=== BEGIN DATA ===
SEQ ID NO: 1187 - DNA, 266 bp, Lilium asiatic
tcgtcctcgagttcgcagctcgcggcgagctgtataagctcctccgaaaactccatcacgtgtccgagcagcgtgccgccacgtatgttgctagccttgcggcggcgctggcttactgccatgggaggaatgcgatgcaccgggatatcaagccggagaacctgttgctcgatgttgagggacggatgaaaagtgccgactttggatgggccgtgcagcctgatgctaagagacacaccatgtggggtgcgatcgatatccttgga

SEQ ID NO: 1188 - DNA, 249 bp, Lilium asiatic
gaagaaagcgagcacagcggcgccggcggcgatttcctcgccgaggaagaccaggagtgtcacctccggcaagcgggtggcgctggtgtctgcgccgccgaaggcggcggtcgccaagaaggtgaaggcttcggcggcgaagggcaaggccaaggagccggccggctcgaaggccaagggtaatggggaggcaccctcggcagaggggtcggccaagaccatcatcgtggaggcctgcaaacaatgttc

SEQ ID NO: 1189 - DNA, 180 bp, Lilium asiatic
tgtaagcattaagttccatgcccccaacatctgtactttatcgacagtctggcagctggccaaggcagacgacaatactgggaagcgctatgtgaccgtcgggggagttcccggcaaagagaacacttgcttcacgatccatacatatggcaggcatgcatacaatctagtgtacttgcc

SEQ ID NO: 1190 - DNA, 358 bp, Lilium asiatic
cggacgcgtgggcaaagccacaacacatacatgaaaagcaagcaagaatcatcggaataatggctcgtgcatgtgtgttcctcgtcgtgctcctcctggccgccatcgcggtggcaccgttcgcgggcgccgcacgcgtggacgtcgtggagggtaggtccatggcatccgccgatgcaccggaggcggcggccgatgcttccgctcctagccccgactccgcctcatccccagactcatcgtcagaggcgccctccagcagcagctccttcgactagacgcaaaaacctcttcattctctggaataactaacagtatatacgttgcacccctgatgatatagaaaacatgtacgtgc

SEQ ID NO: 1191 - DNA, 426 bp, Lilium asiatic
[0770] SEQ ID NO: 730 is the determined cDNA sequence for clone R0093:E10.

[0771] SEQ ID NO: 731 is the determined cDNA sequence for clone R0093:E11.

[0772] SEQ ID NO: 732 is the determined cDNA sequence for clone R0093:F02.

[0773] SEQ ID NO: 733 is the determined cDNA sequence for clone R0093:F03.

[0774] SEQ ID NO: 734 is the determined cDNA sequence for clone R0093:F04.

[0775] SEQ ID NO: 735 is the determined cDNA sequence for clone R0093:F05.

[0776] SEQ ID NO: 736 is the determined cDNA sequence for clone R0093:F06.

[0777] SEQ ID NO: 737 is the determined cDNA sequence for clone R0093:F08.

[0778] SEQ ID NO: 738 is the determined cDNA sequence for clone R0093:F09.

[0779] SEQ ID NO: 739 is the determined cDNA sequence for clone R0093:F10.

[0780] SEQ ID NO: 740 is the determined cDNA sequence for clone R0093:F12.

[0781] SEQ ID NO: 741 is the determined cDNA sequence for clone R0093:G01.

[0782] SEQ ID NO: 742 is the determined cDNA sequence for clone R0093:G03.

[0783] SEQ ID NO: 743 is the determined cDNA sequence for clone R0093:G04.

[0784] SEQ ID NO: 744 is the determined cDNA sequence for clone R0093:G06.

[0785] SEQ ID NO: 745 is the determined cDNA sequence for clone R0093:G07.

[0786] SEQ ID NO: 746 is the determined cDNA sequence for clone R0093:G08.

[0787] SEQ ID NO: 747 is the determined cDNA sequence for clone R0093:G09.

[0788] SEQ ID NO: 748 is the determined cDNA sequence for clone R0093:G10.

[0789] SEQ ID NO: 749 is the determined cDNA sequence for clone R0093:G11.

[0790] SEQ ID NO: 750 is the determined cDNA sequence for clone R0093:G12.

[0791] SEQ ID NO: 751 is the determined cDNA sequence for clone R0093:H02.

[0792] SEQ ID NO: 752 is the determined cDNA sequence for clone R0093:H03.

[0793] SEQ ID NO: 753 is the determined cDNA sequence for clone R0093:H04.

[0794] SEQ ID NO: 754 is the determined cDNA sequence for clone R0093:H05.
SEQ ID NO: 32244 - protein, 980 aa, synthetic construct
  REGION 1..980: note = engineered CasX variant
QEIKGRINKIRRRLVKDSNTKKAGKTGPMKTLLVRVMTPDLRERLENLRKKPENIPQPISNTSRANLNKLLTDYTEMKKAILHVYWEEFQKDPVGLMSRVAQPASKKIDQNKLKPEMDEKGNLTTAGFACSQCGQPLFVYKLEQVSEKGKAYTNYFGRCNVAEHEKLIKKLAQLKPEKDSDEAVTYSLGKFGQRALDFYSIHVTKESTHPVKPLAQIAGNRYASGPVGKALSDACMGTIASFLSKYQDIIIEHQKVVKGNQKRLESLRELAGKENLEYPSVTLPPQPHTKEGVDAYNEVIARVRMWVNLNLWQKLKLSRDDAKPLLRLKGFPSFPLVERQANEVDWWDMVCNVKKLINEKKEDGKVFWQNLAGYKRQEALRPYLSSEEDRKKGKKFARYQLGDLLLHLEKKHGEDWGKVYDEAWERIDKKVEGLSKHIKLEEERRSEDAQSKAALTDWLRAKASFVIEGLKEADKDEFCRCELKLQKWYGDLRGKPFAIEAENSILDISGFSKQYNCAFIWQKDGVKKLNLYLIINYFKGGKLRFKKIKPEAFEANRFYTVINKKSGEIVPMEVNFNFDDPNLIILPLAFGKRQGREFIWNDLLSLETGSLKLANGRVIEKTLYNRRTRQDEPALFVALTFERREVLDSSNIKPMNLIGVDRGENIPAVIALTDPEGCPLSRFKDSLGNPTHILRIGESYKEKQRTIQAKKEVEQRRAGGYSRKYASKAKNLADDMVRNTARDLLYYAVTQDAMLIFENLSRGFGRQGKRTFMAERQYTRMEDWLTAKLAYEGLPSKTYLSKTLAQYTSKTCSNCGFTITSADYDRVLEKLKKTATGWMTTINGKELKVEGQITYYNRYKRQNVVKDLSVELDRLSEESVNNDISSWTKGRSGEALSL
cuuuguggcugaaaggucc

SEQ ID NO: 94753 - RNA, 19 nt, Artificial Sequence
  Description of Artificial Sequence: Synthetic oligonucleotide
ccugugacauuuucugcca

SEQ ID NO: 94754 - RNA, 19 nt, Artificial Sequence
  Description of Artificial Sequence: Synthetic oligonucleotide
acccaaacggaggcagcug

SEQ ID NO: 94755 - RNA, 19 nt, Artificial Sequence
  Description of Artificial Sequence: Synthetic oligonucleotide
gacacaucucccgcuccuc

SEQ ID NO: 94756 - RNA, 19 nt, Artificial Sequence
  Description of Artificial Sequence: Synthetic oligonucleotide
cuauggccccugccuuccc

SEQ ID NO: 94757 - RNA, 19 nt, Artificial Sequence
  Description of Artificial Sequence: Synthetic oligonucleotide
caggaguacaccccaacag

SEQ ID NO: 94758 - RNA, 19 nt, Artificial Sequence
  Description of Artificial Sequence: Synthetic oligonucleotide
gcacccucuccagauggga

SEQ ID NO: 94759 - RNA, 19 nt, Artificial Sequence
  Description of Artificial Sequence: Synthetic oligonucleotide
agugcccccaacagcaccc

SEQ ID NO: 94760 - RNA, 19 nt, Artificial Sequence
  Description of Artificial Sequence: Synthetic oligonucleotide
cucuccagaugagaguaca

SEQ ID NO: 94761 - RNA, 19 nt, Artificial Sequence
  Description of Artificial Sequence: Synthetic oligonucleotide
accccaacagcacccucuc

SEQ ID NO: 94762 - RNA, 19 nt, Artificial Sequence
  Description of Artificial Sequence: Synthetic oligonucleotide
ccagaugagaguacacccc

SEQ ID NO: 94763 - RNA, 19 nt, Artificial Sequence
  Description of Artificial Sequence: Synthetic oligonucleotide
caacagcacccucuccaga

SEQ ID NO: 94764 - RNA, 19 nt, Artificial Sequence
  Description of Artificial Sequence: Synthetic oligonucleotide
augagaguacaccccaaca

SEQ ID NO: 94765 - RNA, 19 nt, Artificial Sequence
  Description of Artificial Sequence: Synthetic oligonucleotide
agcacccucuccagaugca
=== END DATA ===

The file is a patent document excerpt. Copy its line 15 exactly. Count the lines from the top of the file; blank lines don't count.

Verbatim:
[0775] SEQ ID NO: 735 is the determined cDNA sequence for clone R0093:F05.